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AIC: Lack of understanding biggest turn-off for stock market investment

18 September 2007
Despite recent instability in the stock markets, research from the Association of Investment Companies (AIC) has revealed that the biggest deterrent to potential investors is actually a lack of knowledge and understanding rather than the risk factor.

There was just a 3 per cent increase among the 2,230 adults surveyed in September who claimed they were worried about stock market risks (15 per cent) compared with the 2,110 respondents questioned in June (12 per cent).

Director general of AIC, Daniel Godfrey, said: ‘‘It’s interesting that a lack of knowledge scores so much higher than risk aversion as a reason for not investing in the stock market, suggesting it’s a lack of financial understanding, not apathy, that keeps many potential investors sitting on their hands.”

Affordability was the most common reason for not having any stock market exposure (47 per cent), while 32 per cent said they were not confident enough to invest due to a lack of understanding. Almost a quarter (24 per cent) stated that they simply did not know how to go about investing in the stock market.

With property often considered the safest investment option (48 per cent), 55 per cent of respondents revealed they have no involvement in the stock market at all. Building societies and bank accounts were preferred by 22 per cent, while just 11 per cent considered the stock market the best means of long-term investment growth. Alarmingly, 1 per cent, believed their cash was safest kept under their mattress.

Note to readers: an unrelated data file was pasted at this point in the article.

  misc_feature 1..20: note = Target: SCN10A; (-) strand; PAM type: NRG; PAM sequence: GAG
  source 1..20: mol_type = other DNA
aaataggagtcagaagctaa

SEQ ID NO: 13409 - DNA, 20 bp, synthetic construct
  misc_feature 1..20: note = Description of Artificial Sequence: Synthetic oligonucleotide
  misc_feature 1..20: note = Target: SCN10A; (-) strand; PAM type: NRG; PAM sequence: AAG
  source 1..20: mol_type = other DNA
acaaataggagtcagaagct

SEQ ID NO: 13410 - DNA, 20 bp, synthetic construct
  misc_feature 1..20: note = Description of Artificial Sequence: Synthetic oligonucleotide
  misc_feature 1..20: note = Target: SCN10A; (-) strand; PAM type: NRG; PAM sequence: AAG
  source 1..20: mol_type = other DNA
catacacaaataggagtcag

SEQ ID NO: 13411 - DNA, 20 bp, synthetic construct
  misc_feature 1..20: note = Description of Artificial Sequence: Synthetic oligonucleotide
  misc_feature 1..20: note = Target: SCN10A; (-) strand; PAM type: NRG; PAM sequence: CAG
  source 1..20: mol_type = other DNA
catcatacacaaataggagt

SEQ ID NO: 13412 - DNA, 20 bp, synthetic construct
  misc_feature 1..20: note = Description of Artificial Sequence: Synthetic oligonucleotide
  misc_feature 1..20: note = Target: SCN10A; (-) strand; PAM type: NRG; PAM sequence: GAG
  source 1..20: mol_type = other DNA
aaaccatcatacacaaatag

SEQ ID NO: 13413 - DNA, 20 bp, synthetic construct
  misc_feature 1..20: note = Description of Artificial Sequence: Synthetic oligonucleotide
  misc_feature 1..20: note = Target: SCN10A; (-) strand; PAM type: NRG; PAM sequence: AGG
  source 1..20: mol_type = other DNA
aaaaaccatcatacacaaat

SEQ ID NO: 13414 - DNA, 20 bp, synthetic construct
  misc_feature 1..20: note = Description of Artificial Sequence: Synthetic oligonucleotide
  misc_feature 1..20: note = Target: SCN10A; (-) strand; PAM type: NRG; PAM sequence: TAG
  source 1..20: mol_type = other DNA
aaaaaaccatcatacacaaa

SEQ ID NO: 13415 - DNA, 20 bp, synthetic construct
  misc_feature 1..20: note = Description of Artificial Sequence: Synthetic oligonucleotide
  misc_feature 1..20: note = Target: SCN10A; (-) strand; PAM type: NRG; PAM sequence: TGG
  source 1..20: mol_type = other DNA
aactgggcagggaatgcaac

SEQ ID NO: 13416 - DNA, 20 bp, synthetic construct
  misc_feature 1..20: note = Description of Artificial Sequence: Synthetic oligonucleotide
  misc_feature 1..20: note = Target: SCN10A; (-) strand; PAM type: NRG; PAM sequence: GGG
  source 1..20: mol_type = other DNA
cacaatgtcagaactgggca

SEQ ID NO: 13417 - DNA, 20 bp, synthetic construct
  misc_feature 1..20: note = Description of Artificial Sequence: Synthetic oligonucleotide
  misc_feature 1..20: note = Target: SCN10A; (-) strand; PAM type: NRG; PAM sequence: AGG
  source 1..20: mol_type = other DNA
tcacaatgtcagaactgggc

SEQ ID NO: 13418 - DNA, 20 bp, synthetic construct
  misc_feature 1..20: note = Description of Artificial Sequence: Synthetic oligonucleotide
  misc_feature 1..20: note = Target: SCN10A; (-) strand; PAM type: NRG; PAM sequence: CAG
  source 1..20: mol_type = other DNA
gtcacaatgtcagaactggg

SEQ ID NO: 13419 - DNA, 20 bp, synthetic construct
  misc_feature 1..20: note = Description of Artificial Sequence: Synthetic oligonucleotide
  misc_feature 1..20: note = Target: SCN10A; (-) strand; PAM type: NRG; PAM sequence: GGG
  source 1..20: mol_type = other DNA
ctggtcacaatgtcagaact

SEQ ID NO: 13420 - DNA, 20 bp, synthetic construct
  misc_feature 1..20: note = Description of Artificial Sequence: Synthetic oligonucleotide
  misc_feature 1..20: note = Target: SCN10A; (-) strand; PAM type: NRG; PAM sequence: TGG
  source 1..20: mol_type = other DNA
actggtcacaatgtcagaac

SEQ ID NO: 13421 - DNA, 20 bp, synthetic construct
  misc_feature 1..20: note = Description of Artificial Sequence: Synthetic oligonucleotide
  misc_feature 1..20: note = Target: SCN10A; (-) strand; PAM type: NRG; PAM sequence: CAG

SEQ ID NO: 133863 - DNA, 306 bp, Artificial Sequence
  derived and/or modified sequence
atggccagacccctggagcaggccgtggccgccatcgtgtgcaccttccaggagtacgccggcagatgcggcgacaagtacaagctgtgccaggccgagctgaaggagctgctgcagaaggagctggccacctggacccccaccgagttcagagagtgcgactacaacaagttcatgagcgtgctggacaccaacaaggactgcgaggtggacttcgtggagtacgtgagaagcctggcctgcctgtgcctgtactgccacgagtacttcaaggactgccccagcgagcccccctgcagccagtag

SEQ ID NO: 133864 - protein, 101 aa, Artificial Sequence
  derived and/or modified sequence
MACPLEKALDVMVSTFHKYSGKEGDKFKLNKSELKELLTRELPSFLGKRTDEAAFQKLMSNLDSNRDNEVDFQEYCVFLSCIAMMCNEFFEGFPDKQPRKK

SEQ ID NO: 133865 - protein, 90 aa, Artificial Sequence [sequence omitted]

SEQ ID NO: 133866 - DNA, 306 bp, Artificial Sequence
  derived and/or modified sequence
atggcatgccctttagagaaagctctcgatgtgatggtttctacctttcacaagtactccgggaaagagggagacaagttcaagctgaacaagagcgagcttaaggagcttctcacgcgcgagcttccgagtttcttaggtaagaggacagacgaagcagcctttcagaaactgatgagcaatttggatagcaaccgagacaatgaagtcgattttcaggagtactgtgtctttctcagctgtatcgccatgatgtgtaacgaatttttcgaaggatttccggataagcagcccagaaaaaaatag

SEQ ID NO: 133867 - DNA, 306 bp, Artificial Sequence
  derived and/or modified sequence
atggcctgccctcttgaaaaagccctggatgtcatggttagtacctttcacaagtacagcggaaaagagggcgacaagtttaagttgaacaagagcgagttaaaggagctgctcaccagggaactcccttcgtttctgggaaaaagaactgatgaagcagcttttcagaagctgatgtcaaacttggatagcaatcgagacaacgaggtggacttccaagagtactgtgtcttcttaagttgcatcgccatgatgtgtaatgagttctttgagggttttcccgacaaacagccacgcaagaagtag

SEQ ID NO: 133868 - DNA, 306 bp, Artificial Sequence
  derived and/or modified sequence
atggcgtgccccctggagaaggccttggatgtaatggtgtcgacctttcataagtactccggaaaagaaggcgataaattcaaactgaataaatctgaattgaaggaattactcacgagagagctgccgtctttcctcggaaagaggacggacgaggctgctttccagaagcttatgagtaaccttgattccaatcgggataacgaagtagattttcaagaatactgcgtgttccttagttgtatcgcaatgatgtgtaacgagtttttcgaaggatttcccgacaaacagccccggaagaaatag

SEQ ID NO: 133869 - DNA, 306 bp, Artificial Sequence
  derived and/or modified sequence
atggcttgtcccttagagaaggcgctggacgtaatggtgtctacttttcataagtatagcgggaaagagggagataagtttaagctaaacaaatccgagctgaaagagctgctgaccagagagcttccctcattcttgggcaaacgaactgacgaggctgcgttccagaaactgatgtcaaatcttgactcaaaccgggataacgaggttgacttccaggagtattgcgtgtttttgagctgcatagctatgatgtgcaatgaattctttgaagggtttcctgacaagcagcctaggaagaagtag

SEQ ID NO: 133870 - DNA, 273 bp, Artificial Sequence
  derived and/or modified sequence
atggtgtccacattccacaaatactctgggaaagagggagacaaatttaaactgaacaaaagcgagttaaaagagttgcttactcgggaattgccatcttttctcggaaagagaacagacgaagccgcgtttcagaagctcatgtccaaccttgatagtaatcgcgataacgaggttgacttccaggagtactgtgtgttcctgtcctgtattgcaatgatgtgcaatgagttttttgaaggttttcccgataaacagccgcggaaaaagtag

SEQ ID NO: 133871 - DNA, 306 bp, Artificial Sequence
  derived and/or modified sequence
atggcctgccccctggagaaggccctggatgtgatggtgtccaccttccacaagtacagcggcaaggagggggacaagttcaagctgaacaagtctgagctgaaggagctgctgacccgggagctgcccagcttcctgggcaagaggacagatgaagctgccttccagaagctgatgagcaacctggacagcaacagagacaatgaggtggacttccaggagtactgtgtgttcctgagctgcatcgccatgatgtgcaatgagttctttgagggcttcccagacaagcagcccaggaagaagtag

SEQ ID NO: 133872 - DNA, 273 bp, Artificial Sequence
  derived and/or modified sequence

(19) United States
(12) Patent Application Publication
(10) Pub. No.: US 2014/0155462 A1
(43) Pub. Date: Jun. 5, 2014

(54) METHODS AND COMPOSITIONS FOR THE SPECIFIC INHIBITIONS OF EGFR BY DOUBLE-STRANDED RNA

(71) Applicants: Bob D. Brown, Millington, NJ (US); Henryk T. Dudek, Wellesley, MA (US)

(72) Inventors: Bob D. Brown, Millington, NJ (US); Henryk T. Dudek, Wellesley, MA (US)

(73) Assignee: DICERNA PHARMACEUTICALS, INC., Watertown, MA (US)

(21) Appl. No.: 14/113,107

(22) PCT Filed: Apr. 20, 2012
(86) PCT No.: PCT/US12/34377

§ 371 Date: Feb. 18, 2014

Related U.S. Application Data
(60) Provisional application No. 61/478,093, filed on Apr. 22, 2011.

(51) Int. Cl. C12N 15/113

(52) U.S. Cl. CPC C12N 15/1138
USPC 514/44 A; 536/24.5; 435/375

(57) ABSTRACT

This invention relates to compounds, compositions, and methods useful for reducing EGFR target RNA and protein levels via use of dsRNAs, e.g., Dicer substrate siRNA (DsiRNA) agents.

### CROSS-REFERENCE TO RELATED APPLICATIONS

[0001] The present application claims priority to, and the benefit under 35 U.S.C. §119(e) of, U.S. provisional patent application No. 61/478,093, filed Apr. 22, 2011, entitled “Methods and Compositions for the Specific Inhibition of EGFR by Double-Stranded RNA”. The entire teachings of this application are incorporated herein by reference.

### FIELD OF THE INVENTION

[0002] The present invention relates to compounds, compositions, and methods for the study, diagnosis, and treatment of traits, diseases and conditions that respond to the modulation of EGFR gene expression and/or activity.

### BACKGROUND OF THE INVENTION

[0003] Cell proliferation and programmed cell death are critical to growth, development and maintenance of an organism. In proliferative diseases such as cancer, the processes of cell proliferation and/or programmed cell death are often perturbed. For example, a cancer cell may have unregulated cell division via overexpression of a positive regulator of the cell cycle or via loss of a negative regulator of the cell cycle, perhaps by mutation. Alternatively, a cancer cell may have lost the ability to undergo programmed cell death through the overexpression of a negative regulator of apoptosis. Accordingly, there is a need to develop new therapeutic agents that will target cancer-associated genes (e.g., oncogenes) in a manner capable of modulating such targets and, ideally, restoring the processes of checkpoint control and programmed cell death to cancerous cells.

Women were more cautious then men in terms of stock market exposure. Of those considering investing in the stock market for the first time, 42 per cent of men appeared keen compared with 27 per cent of women.

More than a third (38 per cent) of adults surveyed in June had no idea what the minimum lump sum for stock market investing was, with 25 per cent believing it to be over £1000. This far exceeds the £250 that most investment company schemes require as a minimum lump sum.

Mr Godfrey suggests that cautious investors consider regular saving, so that more shares are brought when prices are low, and less when prices are high.

“This helps to smooth the highs and lows of stock market investment and takes away some of the worry of timing the market,” he said.

While 52 per cent believed they could not afford to invest, 35 per cent of respondents said they would be more likely to do so if they could invest through the stock market in a pooled investment fund starting from £30 a month (or a £250 lump sum).

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